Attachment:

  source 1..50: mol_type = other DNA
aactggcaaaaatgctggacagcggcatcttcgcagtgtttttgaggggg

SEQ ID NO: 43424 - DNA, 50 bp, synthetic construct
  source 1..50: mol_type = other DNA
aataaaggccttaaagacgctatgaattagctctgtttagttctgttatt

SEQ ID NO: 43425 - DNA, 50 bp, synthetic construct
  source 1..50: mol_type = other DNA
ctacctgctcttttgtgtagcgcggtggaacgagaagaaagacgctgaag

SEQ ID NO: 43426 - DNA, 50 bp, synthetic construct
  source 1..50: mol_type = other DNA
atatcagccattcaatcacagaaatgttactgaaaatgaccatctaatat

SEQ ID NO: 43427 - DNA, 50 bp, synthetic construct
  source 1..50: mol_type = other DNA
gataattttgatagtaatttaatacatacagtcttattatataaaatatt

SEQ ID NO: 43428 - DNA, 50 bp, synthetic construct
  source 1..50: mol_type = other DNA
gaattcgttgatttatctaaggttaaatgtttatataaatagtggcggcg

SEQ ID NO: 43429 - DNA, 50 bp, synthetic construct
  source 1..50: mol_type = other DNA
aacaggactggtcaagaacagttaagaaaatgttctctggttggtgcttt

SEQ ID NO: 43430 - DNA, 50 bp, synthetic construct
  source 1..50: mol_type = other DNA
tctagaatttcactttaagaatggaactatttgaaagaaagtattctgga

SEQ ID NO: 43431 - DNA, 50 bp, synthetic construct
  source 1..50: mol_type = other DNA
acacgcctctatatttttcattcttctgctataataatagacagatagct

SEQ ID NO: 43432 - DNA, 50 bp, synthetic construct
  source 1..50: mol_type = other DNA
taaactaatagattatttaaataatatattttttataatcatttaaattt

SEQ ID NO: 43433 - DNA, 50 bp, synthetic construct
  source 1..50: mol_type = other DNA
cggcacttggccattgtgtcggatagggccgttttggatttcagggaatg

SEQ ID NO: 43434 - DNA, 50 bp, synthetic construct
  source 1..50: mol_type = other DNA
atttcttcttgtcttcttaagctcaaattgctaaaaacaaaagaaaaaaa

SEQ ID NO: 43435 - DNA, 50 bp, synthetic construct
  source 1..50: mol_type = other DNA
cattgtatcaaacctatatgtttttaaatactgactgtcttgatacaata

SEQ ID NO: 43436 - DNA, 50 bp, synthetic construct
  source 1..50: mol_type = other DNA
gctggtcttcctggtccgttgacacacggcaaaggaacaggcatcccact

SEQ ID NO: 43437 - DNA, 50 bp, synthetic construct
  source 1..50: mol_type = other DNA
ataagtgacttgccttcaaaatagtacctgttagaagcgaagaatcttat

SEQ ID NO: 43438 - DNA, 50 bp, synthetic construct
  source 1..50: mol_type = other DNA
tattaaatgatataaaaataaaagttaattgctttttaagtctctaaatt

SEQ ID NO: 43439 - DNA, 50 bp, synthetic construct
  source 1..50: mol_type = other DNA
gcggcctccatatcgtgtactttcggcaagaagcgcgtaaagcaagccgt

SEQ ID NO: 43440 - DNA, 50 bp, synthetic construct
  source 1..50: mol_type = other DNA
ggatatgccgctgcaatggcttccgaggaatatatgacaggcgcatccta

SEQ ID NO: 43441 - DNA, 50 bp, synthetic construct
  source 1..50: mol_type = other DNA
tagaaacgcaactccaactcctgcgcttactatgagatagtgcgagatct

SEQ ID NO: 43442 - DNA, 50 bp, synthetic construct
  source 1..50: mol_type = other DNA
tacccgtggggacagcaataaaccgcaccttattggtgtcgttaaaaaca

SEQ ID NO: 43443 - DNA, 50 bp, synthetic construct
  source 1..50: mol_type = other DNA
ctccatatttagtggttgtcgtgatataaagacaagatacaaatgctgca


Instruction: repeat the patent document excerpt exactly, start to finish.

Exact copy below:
  source 1..50: mol_type = other DNA
aactggcaaaaatgctggacagcggcatcttcgcagtgtttttgaggggg

SEQ ID NO: 43424 - DNA, 50 bp, synthetic construct
  source 1..50: mol_type = other DNA
aataaaggccttaaagacgctatgaattagctctgtttagttctgttatt

SEQ ID NO: 43425 - DNA, 50 bp, synthetic construct
  source 1..50: mol_type = other DNA
ctacctgctcttttgtgtagcgcggtggaacgagaagaaagacgctgaag

SEQ ID NO: 43426 - DNA, 50 bp, synthetic construct
  source 1..50: mol_type = other DNA
atatcagccattcaatcacagaaatgttactgaaaatgaccatctaatat

SEQ ID NO: 43427 - DNA, 50 bp, synthetic construct
  source 1..50: mol_type = other DNA
gataattttgatagtaatttaatacatacagtcttattatataaaatatt

SEQ ID NO: 43428 - DNA, 50 bp, synthetic construct
  source 1..50: mol_type = other DNA
gaattcgttgatttatctaaggttaaatgtttatataaatagtggcggcg

SEQ ID NO: 43429 - DNA, 50 bp, synthetic construct
  source 1..50: mol_type = other DNA
aacaggactggtcaagaacagttaagaaaatgttctctggttggtgcttt

SEQ ID NO: 43430 - DNA, 50 bp, synthetic construct
  source 1..50: mol_type = other DNA
tctagaatttcactttaagaatggaactatttgaaagaaagtattctgga

SEQ ID NO: 43431 - DNA, 50 bp, synthetic construct
  source 1..50: mol_type = other DNA
acacgcctctatatttttcattcttctgctataataatagacagatagct

SEQ ID NO: 43432 - DNA, 50 bp, synthetic construct
  source 1..50: mol_type = other DNA
taaactaatagattatttaaataatatattttttataatcatttaaattt

SEQ ID NO: 43433 - DNA, 50 bp, synthetic construct
  source 1..50: mol_type = other DNA
cggcacttggccattgtgtcggatagggccgttttggatttcagggaatg

SEQ ID NO: 43434 - DNA, 50 bp, synthetic construct
  source 1..50: mol_type = other DNA
atttcttcttgtcttcttaagctcaaattgctaaaaacaaaagaaaaaaa

SEQ ID NO: 43435 - DNA, 50 bp, synthetic construct
  source 1..50: mol_type = other DNA
cattgtatcaaacctatatgtttttaaatactgactgtcttgatacaata

SEQ ID NO: 43436 - DNA, 50 bp, synthetic construct
  source 1..50: mol_type = other DNA
gctggtcttcctggtccgttgacacacggcaaaggaacaggcatcccact

SEQ ID NO: 43437 - DNA, 50 bp, synthetic construct
  source 1..50: mol_type = other DNA
ataagtgacttgccttcaaaatagtacctgttagaagcgaagaatcttat

SEQ ID NO: 43438 - DNA, 50 bp, synthetic construct
  source 1..50: mol_type = other DNA
tattaaatgatataaaaataaaagttaattgctttttaagtctctaaatt

SEQ ID NO: 43439 - DNA, 50 bp, synthetic construct
  source 1..50: mol_type = other DNA
gcggcctccatatcgtgtactttcggcaagaagcgcgtaaagcaagccgt

SEQ ID NO: 43440 - DNA, 50 bp, synthetic construct
  source 1..50: mol_type = other DNA
ggatatgccgctgcaatggcttccgaggaatatatgacaggcgcatccta

SEQ ID NO: 43441 - DNA, 50 bp, synthetic construct
  source 1..50: mol_type = other DNA
tagaaacgcaactccaactcctgcgcttactatgagatagtgcgagatct

SEQ ID NO: 43442 - DNA, 50 bp, synthetic construct
  source 1..50: mol_type = other DNA
tacccgtggggacagcaataaaccgcaccttattggtgtcgttaaaaaca

SEQ ID NO: 43443 - DNA, 50 bp, synthetic construct
  source 1..50: mol_type = other DNA
ctccatatttagtggttgtcgtgatataaagacaagatacaaatgctgca